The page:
The unpleasant part is asking yourself the question: “Which things do I have to change in myself?” Instead of waiting for circumstances to change, you may be better off looking for a change of nature and temperament. The action is what separates good authentic leaders from everyone else. They make things happen and get stuff done.
Confucius wrote many centuries ago, “The nature of people is always the same; it is their habits that separate them.” Self-disciple will take you much further than an average leader. Discipline is what allows successful people to persevere and do things that the vast majority of people don’t want to perform.
Our habits are the result of our choices. Day by day we make small daily decisions with accumulating results. Before you know it, you may end up being stuck with either a bad or a good habit.
As a result of a habit, we make most of our choices automatically without giving it much thought. To change the habit, we first should be aware of its existence. Once we come to terms with that, we need to trace its way to our daily lives and actions that helped form the habit. Eventually, we will have to be changing these unhealthy practices to break that very habit.
Those who can’t resist instant gratification over prospective future will never be as successful. Living the moment is easier than staying dedicated to long-term vision. When the first excitement rushes away, it’s disciple that makes us keep going and going.
The vast majority sees themselves for what they are; true leaders — for what they could become. Leaders look beyond current troubles and assist others in seeing their possibilities. Looking ahead is a part of leaders’ success formula, which is key to their personal development and growth.
Leaders stay at least one step ahead and keep growing as they bring up others. They lead. In general, you want to split growth and development into two parts: the first part is about helping others grow, and the second is about developing yourself.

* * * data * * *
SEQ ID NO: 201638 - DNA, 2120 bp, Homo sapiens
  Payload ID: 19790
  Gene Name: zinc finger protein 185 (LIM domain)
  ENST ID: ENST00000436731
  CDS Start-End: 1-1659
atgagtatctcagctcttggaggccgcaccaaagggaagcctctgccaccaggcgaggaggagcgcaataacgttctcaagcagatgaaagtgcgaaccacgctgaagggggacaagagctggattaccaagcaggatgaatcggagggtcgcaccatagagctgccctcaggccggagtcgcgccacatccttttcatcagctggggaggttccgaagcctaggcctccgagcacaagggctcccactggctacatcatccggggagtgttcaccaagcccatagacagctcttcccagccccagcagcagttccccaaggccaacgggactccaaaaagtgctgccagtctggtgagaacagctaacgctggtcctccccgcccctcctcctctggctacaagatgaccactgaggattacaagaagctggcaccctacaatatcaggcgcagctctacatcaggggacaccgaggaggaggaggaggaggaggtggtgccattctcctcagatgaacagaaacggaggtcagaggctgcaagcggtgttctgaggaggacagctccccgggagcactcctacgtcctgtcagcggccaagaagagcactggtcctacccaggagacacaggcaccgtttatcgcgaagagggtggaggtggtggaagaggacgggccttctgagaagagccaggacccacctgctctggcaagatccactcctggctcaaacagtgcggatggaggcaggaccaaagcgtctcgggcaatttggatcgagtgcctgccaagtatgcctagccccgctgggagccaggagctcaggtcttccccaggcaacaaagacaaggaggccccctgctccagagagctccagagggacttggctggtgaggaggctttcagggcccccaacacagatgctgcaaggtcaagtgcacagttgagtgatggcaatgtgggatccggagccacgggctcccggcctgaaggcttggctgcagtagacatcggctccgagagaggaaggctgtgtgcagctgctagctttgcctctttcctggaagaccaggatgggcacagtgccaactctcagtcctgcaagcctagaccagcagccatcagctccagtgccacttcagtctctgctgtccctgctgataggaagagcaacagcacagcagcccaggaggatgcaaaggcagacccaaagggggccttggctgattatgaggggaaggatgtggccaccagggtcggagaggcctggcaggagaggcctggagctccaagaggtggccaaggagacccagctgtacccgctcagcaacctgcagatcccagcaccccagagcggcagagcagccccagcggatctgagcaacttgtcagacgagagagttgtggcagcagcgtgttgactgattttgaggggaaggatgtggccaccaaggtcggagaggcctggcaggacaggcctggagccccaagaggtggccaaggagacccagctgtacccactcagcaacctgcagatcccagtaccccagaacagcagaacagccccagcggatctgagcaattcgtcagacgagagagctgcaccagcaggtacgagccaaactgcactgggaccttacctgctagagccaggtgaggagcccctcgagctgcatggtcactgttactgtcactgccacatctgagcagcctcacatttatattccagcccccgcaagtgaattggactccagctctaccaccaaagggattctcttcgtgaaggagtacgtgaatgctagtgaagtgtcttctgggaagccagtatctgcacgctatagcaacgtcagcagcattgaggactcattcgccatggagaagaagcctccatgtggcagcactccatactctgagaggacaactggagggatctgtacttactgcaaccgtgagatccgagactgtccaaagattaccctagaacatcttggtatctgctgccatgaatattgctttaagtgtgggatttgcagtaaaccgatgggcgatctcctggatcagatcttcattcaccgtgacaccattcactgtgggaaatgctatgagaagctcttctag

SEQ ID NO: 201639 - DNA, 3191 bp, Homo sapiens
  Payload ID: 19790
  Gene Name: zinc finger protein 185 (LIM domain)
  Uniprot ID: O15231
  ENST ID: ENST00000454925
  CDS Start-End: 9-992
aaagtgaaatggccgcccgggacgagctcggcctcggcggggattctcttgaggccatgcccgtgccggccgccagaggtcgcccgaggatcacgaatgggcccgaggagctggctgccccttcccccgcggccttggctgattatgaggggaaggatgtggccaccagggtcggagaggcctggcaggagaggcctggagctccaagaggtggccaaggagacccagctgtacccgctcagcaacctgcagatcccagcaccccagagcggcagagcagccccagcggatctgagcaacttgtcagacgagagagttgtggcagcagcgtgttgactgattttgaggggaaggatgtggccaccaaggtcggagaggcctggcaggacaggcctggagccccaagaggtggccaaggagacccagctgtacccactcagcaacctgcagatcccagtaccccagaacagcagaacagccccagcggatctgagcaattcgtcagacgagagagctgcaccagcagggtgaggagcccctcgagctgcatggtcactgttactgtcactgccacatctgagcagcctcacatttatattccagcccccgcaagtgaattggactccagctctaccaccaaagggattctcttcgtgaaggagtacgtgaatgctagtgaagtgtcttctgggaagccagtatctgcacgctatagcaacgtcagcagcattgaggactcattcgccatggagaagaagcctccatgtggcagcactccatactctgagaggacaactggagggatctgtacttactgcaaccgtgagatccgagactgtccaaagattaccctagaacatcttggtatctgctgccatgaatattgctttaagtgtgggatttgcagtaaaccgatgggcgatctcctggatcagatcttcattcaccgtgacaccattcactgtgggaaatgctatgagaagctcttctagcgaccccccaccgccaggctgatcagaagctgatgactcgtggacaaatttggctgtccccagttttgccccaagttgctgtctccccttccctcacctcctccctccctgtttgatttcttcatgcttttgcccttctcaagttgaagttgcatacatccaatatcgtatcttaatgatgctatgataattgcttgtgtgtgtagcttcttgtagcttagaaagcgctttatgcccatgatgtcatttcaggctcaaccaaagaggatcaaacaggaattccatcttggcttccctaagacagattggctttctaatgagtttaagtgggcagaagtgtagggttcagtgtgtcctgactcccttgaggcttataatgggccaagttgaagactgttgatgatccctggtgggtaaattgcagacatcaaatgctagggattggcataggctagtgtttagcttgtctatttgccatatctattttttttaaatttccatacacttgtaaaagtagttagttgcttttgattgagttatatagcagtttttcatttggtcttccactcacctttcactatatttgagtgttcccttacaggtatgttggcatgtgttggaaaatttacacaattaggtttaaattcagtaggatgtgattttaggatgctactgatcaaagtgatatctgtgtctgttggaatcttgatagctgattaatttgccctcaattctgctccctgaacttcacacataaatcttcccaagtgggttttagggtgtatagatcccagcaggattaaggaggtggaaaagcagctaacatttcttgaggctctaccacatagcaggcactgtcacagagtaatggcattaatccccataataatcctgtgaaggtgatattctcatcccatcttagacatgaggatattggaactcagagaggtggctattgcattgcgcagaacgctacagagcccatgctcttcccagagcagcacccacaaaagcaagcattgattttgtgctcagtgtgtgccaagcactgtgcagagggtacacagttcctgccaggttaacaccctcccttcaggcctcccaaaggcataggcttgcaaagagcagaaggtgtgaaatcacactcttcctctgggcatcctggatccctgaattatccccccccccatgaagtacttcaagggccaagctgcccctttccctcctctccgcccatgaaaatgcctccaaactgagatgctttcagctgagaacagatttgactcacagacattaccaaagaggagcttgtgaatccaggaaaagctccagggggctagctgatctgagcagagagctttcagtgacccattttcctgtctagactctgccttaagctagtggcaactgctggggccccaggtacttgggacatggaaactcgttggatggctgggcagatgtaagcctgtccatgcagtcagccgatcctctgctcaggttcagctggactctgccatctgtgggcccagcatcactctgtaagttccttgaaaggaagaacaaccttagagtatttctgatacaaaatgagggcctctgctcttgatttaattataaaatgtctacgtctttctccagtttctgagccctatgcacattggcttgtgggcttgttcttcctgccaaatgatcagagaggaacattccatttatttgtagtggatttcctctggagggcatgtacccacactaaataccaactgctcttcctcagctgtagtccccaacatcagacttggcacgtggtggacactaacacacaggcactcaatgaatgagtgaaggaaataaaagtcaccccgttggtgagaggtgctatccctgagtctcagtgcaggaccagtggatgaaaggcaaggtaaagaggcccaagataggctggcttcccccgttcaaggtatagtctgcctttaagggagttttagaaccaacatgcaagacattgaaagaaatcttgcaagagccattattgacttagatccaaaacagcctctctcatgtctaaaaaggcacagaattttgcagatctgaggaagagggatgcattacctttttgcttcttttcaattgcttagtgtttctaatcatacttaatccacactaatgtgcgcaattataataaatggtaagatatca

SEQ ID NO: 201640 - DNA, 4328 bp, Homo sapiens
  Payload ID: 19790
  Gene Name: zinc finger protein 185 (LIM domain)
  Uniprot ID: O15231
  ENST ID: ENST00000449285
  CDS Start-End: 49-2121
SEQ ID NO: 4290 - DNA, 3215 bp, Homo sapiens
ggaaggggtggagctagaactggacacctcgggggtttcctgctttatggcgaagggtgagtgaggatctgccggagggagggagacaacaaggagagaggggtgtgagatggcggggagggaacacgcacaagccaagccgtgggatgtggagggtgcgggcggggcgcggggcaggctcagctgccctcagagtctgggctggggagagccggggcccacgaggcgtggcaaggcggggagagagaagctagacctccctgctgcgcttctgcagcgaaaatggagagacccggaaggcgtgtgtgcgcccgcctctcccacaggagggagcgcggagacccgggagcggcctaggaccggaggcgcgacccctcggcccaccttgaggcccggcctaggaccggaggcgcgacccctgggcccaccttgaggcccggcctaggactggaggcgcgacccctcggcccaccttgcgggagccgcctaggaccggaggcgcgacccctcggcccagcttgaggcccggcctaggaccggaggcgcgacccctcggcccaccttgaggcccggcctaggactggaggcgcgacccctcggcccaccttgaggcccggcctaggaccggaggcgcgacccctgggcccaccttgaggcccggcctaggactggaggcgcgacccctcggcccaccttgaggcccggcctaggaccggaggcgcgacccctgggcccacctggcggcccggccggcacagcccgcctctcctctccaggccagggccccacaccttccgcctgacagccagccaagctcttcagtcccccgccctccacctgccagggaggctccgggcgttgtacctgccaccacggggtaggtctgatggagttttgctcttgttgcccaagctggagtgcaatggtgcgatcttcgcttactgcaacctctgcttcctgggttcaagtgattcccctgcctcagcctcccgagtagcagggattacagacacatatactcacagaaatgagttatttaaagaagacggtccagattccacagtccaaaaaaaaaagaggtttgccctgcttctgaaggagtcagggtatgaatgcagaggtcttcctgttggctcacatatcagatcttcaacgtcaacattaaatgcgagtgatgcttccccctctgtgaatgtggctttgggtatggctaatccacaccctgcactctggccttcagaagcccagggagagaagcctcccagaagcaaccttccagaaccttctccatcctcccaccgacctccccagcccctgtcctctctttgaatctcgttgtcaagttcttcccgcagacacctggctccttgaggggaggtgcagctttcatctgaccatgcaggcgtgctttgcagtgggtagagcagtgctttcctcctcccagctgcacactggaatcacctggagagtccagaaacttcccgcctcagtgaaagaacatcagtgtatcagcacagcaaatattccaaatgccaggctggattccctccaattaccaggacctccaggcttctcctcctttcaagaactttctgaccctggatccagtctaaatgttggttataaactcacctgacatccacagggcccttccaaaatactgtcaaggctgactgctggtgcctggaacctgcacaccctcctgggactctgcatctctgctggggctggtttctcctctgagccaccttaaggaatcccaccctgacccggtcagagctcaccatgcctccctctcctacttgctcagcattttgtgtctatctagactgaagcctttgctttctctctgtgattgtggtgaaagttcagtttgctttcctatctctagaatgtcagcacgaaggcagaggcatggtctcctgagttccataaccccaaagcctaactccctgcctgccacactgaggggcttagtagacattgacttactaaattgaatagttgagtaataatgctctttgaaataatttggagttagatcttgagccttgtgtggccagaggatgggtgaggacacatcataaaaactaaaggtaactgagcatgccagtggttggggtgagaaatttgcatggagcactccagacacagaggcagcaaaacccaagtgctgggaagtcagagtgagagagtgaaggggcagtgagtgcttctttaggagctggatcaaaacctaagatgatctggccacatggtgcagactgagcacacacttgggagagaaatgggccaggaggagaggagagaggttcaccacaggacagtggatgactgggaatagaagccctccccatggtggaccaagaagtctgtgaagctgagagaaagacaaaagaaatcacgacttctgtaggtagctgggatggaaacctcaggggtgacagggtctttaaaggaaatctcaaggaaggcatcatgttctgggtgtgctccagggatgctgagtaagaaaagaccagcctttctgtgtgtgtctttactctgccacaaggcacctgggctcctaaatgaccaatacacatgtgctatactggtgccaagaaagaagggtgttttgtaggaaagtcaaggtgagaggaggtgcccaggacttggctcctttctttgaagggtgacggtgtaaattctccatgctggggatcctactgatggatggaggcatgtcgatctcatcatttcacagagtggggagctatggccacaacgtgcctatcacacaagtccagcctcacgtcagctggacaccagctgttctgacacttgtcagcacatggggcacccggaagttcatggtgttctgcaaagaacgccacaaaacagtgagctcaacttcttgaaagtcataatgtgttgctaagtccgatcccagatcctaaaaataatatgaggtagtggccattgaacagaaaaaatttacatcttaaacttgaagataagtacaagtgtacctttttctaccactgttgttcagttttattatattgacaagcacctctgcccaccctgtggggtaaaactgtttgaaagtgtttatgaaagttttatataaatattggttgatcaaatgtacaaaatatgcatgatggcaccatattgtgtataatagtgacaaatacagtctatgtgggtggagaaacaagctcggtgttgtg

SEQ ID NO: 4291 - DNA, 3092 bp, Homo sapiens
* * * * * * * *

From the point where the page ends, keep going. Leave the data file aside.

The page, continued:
As you grow, you seek to become more effective by applying your skills and knowledge. The more you get used to changes, the easier it becomes to settle for a form of “busyness” versus actually being effective at what you do. Keeping pace is good, but it can also get harmful once you get caught up. Stay alert, or you might end up like a woodcutter, who is too busy hewing to take the time and make his ax sharper.
Take a step back, reassess your plans and efforts, evaluate your progress and adjust your strategies based on the results. If you do it right, reflecting on the progress is never a waste of time.
It Starts with a Choice
Change calls for choices to be made. No matter the circumstances, you can embrace the change and look for positive outtakes. It all comes down to what you set your focus on.
When a crisis hits, it may be difficult to concentrate on potential benefits and growth opportunities. However, most people who have managed to weather the storm look back on it as the ultimate life-changing experience. Crisis can cause significant damage, weaken you, or you can take the “lemons” and make the best of it. It is your choice to make either a reality.
Life is not stagnant, life flows, life is change. The choice to continue growing and developing makes it easier to embrace change. Failing to do so will lead to falling behind on life itself.